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So far to go
Old 04-01-2011, 07:29 PM   #1
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So far to go

I should be happy at my financial position in life, however in updating my quarterly NW, it just got me more depressed than anything. I am planning a modest retirement in about 10-15 years with a 3.3% withdrawal rate (30X expense - not comfortable with 25X and think 33X is excessive). Anyways this means that I need $1.x million saved up to retire. I realize today that I've gotten the .x part or very close to it, but I still have the $1 part to go. $1 as in $1,000,000. I don't care what anyone says but that is still alot of $. Seems like I'm at the bottom of a very long hill. Don't mind me, I'm just going to go pinch some pennies..........
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Old 04-01-2011, 07:35 PM   #2
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You are only 35 for crying out loud!

Compared to most people, myself included, you have not suffered enough!
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Old 04-01-2011, 08:04 PM   #3
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For many of us, the key is figuring out how to reduce our expenses in retirement. So maybe you can attack the problem from both ends - - on the one hand, increasing the nest egg, and on the other hand, decreasing the expenditures a little. Maybe you will only need ($1.x)/2 instead of $1.x
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Old 04-01-2011, 08:08 PM   #4
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For many of us, the key is figuring out how to reduce our expenses in retirement. So maybe you can attack the problem from both ends - - on the one hand, increasing the nest egg, and on the other hand, decreasing the expenditures a little. Maybe you will only need ($1.x)/2 instead of $1.x
Currently I'm living on less than 20K per year so I don't have much too cut. I do expect my needs to go up in retirement as I would like to take at least 2 vacations a year (rather than one) and some of my hobbies cost some $ - golf mainly. I am aiming for about $45K per year in retirement in today's dollars.
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Old 04-01-2011, 08:12 PM   #5
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Currently I'm living on less than 20K per year so I don't have much too cut. I do expect my needs to go up in retirement as I would like to take at least 2 vacations a year (rather than one) and some of my hobbies cost some $ - golf mainly. I am aiming for about $45K per year in retirement in today's dollars.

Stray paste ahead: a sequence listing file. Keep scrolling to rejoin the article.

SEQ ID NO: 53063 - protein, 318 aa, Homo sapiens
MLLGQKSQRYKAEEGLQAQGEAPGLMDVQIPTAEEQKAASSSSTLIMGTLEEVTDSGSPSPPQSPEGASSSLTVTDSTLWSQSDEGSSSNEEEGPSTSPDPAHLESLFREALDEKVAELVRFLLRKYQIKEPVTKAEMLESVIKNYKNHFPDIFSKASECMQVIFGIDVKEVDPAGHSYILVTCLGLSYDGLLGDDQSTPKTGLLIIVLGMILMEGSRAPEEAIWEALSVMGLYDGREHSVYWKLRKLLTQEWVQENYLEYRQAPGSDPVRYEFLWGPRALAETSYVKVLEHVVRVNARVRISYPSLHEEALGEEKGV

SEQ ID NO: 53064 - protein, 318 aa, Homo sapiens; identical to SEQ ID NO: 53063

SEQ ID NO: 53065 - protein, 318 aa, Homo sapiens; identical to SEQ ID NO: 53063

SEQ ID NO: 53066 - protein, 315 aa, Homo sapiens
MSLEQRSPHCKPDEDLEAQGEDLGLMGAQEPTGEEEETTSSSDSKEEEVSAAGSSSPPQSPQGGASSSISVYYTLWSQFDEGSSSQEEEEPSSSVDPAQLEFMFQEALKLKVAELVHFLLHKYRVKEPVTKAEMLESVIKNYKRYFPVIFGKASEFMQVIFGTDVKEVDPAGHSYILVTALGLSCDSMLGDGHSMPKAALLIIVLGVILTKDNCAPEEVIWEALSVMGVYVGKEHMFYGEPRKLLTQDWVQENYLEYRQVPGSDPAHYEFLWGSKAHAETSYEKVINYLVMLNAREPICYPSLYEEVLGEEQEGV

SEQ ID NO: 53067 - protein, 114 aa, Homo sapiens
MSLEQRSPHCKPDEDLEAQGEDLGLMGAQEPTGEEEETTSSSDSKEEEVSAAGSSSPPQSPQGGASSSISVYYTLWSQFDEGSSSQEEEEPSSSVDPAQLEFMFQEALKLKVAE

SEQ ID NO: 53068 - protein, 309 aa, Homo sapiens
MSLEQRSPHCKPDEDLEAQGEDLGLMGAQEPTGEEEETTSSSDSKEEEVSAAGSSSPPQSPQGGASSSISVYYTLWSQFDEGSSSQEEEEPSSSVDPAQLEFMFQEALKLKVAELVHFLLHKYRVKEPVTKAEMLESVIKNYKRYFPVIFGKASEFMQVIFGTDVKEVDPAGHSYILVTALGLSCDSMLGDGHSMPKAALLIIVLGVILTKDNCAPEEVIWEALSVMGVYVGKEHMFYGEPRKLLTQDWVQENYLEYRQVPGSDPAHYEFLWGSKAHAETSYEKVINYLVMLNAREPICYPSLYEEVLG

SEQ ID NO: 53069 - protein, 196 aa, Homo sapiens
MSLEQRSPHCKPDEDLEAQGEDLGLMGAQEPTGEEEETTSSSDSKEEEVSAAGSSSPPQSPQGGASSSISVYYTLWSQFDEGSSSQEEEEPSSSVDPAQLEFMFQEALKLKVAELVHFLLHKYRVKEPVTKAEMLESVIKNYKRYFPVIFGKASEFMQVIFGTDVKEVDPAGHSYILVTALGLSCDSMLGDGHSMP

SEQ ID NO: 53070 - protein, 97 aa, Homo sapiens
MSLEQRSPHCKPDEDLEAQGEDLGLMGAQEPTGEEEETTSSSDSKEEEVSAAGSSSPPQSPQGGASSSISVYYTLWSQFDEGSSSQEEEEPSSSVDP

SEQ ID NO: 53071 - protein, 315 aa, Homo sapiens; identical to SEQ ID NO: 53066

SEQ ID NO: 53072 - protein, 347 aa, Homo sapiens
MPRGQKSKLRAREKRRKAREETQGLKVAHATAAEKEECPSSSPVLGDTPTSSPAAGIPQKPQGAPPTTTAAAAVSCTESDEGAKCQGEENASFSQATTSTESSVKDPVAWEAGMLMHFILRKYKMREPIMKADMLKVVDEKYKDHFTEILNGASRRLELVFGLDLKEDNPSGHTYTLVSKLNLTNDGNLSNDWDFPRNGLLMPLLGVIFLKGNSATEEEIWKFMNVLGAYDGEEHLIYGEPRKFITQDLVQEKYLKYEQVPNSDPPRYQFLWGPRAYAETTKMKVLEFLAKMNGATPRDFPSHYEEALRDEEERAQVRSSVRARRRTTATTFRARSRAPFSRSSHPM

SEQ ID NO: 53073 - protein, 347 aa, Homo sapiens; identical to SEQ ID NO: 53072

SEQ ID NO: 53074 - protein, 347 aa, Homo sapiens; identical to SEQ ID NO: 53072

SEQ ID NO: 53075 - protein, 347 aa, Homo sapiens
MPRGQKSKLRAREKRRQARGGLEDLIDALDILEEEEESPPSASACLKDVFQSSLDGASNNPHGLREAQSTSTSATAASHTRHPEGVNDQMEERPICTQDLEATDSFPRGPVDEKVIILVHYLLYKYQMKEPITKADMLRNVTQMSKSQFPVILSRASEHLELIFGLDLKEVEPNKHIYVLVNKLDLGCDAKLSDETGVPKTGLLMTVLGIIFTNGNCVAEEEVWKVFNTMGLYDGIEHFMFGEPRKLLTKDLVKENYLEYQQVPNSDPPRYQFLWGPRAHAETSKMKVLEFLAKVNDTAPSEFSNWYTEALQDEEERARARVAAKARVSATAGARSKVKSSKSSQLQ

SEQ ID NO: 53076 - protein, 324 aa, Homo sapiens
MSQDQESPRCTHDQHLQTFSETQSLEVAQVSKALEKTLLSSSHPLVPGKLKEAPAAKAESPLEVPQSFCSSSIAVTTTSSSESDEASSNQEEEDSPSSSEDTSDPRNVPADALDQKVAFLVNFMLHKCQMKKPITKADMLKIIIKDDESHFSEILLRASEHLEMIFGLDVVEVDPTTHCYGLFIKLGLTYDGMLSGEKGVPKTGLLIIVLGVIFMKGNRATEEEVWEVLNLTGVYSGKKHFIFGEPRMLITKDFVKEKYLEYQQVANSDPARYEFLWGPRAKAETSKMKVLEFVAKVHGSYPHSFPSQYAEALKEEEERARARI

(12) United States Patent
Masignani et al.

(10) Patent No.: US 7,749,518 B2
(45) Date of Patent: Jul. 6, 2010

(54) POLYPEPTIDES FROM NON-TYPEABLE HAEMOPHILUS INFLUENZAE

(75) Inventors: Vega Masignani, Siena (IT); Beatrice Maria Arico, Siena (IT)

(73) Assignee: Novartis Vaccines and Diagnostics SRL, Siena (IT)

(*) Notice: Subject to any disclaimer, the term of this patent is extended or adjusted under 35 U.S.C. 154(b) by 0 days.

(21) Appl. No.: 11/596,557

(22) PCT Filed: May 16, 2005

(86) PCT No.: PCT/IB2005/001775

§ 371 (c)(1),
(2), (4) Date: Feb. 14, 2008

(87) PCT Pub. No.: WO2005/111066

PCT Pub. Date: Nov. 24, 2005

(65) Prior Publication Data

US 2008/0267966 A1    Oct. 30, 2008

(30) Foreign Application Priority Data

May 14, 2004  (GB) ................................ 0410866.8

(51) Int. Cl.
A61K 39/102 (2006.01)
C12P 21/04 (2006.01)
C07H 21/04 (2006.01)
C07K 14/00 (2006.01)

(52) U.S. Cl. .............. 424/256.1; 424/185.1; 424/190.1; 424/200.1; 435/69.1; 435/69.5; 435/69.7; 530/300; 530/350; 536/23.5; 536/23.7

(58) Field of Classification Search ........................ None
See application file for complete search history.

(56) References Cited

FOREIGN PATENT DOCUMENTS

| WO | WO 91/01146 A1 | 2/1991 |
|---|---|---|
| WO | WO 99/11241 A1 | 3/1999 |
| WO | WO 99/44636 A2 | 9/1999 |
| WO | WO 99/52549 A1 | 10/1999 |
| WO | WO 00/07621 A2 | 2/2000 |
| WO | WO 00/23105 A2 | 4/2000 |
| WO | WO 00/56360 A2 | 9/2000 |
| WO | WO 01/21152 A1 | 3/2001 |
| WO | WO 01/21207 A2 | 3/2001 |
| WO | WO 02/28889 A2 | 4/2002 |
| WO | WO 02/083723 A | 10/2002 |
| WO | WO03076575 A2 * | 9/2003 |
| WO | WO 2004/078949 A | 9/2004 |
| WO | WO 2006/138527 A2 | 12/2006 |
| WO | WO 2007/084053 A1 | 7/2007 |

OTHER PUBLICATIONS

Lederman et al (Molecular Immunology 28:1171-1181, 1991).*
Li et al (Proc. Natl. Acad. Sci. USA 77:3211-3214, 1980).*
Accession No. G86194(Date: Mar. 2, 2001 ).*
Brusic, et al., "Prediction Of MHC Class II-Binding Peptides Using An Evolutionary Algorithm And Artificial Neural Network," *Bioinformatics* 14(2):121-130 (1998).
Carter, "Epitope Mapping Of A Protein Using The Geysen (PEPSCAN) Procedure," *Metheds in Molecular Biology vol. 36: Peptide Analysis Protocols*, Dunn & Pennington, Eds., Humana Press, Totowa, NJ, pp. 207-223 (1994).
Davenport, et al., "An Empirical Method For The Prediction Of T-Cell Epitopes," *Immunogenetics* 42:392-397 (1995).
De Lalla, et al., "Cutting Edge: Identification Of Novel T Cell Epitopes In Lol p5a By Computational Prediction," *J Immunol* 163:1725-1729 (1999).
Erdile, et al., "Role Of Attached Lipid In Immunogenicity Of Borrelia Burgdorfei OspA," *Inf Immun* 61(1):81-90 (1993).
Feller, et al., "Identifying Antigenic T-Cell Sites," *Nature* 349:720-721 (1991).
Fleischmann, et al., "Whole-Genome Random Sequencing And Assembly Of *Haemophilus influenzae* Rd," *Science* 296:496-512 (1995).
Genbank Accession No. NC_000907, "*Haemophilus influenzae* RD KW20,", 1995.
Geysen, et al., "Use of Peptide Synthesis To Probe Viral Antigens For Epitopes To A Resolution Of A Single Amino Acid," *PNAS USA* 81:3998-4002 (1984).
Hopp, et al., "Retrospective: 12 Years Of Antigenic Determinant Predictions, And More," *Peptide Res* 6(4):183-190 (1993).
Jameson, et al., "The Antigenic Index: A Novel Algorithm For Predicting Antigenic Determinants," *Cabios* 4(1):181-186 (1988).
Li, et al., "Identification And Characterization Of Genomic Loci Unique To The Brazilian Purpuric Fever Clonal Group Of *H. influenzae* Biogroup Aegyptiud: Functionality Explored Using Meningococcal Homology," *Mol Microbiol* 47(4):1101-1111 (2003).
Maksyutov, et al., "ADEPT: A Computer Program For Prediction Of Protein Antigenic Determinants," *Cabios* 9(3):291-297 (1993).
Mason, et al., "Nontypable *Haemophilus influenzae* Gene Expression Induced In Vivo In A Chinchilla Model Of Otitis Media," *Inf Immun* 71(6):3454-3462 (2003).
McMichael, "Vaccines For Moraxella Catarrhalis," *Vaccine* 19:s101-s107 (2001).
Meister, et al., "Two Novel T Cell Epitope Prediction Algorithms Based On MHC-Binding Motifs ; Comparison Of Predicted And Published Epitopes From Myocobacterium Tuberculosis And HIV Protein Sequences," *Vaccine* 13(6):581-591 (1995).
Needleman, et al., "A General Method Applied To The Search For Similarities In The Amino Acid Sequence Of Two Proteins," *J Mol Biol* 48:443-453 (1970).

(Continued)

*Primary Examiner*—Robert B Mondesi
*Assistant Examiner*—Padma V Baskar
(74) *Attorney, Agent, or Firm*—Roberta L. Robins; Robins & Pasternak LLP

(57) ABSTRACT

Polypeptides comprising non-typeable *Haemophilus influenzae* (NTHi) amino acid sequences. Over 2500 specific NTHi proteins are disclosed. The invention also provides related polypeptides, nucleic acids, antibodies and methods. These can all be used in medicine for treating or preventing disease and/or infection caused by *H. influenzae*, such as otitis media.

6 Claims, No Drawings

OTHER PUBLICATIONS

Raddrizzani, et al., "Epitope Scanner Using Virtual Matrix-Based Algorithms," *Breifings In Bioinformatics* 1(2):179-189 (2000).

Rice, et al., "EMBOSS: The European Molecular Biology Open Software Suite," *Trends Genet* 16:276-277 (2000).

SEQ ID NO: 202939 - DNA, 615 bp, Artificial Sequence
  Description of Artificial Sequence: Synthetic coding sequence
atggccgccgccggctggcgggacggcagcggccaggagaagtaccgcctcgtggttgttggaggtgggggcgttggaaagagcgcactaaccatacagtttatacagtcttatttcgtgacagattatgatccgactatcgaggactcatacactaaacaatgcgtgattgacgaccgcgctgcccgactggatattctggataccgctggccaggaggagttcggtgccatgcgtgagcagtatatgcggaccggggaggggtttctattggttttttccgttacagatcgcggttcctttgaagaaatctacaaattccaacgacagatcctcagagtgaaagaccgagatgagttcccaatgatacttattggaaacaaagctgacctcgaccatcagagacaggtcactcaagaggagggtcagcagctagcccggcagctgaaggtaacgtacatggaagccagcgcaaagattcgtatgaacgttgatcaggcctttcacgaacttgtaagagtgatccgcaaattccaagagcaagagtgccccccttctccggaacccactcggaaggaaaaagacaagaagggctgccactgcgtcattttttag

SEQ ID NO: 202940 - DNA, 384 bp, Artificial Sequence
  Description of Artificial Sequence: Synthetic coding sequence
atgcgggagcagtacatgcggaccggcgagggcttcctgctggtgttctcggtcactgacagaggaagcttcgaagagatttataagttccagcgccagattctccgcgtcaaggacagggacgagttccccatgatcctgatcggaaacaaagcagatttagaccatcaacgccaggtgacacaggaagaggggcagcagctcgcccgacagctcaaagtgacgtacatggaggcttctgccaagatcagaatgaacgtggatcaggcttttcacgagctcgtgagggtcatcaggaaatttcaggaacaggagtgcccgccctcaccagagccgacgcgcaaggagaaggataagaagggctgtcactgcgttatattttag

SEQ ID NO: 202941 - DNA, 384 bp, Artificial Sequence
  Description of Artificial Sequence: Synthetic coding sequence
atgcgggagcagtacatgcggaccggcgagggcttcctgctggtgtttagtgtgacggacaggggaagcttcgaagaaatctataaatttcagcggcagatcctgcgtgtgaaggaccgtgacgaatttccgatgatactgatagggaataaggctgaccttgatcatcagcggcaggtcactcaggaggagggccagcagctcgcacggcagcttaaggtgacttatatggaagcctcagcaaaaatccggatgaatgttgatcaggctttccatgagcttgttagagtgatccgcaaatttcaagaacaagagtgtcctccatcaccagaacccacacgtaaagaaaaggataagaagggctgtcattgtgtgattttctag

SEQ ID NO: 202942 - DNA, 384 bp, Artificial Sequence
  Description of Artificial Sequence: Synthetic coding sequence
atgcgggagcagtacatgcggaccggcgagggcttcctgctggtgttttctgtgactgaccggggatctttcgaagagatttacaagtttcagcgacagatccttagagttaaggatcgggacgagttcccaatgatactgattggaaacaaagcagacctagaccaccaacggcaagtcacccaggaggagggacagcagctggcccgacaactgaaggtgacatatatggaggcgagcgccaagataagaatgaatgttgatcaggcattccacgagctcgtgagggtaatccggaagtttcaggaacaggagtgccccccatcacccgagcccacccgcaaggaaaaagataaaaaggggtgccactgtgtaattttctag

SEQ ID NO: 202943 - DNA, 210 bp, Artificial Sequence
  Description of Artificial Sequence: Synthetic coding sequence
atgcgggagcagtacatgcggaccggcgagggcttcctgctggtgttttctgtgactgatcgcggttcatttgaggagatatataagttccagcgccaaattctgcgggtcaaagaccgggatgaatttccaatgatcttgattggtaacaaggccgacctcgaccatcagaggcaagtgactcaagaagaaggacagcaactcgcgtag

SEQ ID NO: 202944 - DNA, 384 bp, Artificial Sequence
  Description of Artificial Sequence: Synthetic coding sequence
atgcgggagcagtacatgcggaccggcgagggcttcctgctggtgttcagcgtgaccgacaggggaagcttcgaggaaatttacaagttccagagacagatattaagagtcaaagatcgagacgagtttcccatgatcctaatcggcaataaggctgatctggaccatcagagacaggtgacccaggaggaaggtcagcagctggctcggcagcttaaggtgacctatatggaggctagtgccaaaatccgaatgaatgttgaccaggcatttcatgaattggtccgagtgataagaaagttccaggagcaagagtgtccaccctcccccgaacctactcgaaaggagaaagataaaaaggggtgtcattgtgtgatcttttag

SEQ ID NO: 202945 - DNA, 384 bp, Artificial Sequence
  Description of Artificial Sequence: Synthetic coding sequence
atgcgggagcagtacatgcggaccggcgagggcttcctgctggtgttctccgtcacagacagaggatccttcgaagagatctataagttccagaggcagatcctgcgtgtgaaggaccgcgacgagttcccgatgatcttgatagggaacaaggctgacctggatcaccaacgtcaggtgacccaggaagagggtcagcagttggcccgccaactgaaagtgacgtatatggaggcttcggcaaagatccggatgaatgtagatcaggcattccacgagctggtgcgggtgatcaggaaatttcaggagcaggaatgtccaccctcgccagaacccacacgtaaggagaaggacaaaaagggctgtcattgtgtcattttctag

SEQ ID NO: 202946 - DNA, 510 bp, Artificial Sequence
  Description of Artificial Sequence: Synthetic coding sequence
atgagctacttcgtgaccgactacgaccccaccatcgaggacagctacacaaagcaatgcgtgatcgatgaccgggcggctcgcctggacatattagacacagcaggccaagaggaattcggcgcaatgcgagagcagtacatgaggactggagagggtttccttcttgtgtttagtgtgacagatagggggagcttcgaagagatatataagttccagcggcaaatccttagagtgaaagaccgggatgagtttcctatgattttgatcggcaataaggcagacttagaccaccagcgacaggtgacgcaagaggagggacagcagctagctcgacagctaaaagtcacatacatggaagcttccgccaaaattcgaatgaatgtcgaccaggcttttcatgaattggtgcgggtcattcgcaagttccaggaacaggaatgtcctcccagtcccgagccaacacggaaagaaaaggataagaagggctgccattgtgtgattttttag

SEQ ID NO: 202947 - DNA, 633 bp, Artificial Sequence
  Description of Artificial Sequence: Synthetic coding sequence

That's a lot of money in retirement for someone used to living on $20K.
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Old 04-01-2011, 08:20 PM   #6
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That's a lot of money in retirement for someone used to living on $20K.

Well $20K are my bare bones living expenses. This does not include auto replacement and home repairs that can range from $0 to alot. So let's say another $10K for that...that is $30K total and then $5K in taxes and then only $10K in "fun" $ in retirement.
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Old 04-01-2011, 08:30 PM   #7
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You are only 35 for crying out loud!
+1

You are way ahead of most people in terms of saving and you own your own home.

Keep on doing what you are doing. A few increases in income and some compounding of the return on your investments and you'll be surprised how quickly a nest egg can grow. Of course, if you do something silly like day trading futures contracts or having children......
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Old 04-01-2011, 08:56 PM   #8
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You are only 35 for crying out loud!

Compared to most people, myself included, you have not suffered enough!

First Noble Truth - life is suffering.
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Old 04-01-2011, 08:59 PM   #9
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.. some of my hobbies cost some $ - golf mainly.
Take up tennis - it's cheaper.
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Old 04-01-2011, 09:14 PM   #10
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First Noble Truth - life is suffering.
“He who suffers much will know much” - Greek proverb

I think I have obtained sufficient knowledge to last me a while.


“What is the noble truth of suffering? Birth is suffering, ageing is suffering and sorrow and lamentation, pain, grief and despair are suffering.” - (Hindu Prince Gautama Siddharta, the founder of Buddhism, 563-483 B.C.)

Obviously, there were no megacorps in those days, else Buddha would have added "working for stupid megacorps" to the list. Look how Dilbert is suffering.
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Old 04-01-2011, 09:16 PM   #11
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First Noble Truth - life is suffering.
Anyone who says differently is selling something.